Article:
Naturwissenschaften

, Volume 101, Issue 1, pp 33–45 | Cite as

Comparisons of dental morphology in river stingrays (Chondrichthyes: Potamotrygonidae) with new fossils from the middle Eocene of Peruvian Amazonia rekindle debate on their evolution

  • Sylvain Adnet
  • Rodolfo Salas Gismondi
  • Pierre-Olivier Antoine
Original Paper

Abstract

Endemic South American river stingrays (Potamotrygonidae), which include the most diversified living freshwater chondrichthyans, were conspicuously absent from pre-Neogene deposits in South America despite the fact that recent phylogenetic analyses strongly suggest an older origination for this clade. To date, the rare representatives of this family were mostly represented by ambiguous isolated remains. Here, we report 67 isolated fossil teeth of a new obligate freshwater dasyatoid (Potamotrygon ucayalensis nov. sp) from the fossiliferous level CTA-27 (Yahuarango Formation), near Contamana, in the Peruvian Amazonia. We assigned this sample to a new representative of Potamotrygon by comparison with numerous fresh jaws of living specimens of Potamotrygonidae, thus providing the first detailed review of dental morphology for this poorly understood clade. These new fossils fill a long stratigraphic gap by extending the family range down to the middle Eocene (∼41 Mya). Moreover, the relative modernity and diversity in tooth morphology among Eocene freshwater stingrays (including Potamotrygonucayalensis nov. sp. and coeval North American dasyatoids) indicate that the hypothetically marine ancestor of potamotrygonids probably invaded the rivers earlier than in the middle Eocene. The first potamotrygonids and affiliates were possibly more generalized and less endemic than now, which is consistent with an opportunistic filling of vacated ecospace.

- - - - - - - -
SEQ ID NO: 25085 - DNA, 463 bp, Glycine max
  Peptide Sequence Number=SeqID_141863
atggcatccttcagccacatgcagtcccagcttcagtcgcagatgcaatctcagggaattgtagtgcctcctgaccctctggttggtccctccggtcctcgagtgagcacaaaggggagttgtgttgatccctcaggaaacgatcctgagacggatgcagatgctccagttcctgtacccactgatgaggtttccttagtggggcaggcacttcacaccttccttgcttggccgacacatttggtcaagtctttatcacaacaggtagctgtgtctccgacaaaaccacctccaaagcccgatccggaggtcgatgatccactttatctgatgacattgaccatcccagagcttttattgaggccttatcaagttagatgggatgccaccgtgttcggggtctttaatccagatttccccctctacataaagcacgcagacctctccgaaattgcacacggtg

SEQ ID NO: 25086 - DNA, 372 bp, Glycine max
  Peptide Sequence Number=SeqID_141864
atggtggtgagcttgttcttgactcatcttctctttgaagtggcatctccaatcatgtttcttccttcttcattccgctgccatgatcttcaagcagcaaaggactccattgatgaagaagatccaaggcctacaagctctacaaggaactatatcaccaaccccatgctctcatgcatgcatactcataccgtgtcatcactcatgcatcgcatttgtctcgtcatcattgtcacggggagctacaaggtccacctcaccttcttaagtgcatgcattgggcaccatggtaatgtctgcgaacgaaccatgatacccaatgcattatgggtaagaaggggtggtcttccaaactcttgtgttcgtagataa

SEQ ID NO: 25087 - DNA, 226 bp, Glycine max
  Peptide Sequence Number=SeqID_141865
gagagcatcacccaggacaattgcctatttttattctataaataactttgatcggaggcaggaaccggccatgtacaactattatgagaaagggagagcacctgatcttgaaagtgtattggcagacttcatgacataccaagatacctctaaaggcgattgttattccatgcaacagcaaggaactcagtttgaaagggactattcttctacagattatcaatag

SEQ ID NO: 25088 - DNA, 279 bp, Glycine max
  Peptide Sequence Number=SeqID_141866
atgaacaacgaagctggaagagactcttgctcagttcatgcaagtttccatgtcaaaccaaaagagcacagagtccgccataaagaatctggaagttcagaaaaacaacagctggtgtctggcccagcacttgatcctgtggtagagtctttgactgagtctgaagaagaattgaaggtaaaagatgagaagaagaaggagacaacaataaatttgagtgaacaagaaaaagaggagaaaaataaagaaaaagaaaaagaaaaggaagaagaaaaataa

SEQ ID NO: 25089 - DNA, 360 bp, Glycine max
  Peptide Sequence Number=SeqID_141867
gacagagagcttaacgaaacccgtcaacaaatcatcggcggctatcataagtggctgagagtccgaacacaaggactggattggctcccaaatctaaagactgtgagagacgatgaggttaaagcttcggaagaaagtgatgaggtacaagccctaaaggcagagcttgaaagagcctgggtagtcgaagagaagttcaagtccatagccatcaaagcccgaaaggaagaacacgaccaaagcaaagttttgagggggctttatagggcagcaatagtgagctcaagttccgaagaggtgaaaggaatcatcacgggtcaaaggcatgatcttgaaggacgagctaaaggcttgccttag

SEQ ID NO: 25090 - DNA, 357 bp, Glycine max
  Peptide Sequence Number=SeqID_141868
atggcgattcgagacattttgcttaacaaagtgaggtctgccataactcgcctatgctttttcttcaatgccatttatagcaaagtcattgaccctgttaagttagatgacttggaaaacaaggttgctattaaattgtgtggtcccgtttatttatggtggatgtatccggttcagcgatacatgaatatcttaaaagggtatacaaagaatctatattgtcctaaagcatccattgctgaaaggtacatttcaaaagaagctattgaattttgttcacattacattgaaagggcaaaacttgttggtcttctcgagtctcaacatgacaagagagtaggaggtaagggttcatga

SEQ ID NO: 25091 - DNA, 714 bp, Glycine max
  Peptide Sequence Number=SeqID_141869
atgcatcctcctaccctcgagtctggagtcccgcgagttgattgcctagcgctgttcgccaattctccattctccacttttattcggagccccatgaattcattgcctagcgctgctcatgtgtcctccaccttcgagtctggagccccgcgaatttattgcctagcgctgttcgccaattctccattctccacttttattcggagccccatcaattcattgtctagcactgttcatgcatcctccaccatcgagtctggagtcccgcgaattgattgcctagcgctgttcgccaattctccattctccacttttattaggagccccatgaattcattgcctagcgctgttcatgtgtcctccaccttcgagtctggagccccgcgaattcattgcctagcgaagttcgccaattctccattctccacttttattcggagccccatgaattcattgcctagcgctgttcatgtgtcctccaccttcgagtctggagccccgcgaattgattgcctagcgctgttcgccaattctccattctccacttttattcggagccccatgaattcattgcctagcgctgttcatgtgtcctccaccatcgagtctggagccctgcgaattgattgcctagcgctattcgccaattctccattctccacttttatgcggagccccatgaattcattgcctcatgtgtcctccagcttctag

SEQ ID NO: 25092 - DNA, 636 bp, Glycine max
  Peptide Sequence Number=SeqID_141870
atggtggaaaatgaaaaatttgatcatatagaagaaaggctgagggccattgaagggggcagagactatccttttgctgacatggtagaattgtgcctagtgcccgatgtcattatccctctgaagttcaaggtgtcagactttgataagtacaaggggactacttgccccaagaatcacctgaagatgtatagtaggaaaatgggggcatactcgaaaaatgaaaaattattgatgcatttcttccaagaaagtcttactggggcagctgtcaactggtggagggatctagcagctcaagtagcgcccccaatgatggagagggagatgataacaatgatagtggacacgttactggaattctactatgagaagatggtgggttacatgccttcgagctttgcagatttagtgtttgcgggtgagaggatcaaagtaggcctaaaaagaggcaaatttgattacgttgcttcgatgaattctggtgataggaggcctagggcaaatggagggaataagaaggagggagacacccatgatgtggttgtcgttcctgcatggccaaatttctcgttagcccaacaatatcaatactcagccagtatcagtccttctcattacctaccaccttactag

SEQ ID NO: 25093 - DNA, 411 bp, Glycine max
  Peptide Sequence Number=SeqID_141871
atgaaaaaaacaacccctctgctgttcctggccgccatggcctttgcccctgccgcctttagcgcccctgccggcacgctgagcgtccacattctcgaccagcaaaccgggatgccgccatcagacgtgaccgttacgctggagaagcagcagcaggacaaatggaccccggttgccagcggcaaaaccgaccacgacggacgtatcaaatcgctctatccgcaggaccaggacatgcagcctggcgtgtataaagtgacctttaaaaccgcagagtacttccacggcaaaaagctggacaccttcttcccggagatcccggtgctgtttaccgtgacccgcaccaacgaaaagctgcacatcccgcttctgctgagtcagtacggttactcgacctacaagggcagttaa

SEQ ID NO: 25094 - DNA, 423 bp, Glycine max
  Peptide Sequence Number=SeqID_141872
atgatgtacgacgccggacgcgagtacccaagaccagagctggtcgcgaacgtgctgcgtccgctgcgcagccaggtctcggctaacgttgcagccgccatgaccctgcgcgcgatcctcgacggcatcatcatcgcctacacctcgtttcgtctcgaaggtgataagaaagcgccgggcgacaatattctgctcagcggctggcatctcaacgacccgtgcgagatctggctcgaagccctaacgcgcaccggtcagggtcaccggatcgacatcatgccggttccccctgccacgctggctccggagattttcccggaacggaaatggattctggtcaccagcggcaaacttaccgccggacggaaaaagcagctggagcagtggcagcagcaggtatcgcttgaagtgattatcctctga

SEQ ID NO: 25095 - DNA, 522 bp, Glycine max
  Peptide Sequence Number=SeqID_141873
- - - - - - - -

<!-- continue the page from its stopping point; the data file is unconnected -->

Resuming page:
Keywords

Potamotrygonidae Palaeogene Neotropics Evolution Freshwater adaptation Biogeography 

Supplementary material

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Copyright information

© Springer-Verlag Berlin Heidelberg 2013

Authors and Affiliations

  • Sylvain Adnet
    • 1
  • Rodolfo Salas Gismondi
    • 1
    • 2
  • Pierre-Olivier Antoine
    • 1
  1. 1.Institut des Sciences de l’Évolution, UMR-CNRS 5554 CC064Université Montpellier 2MontpellierFrance
  2. 2.Departamento de Paleontología de VertebradosMuseo de Historia Natural-Universidad Nacional Mayor San MarcosLima 11Peru

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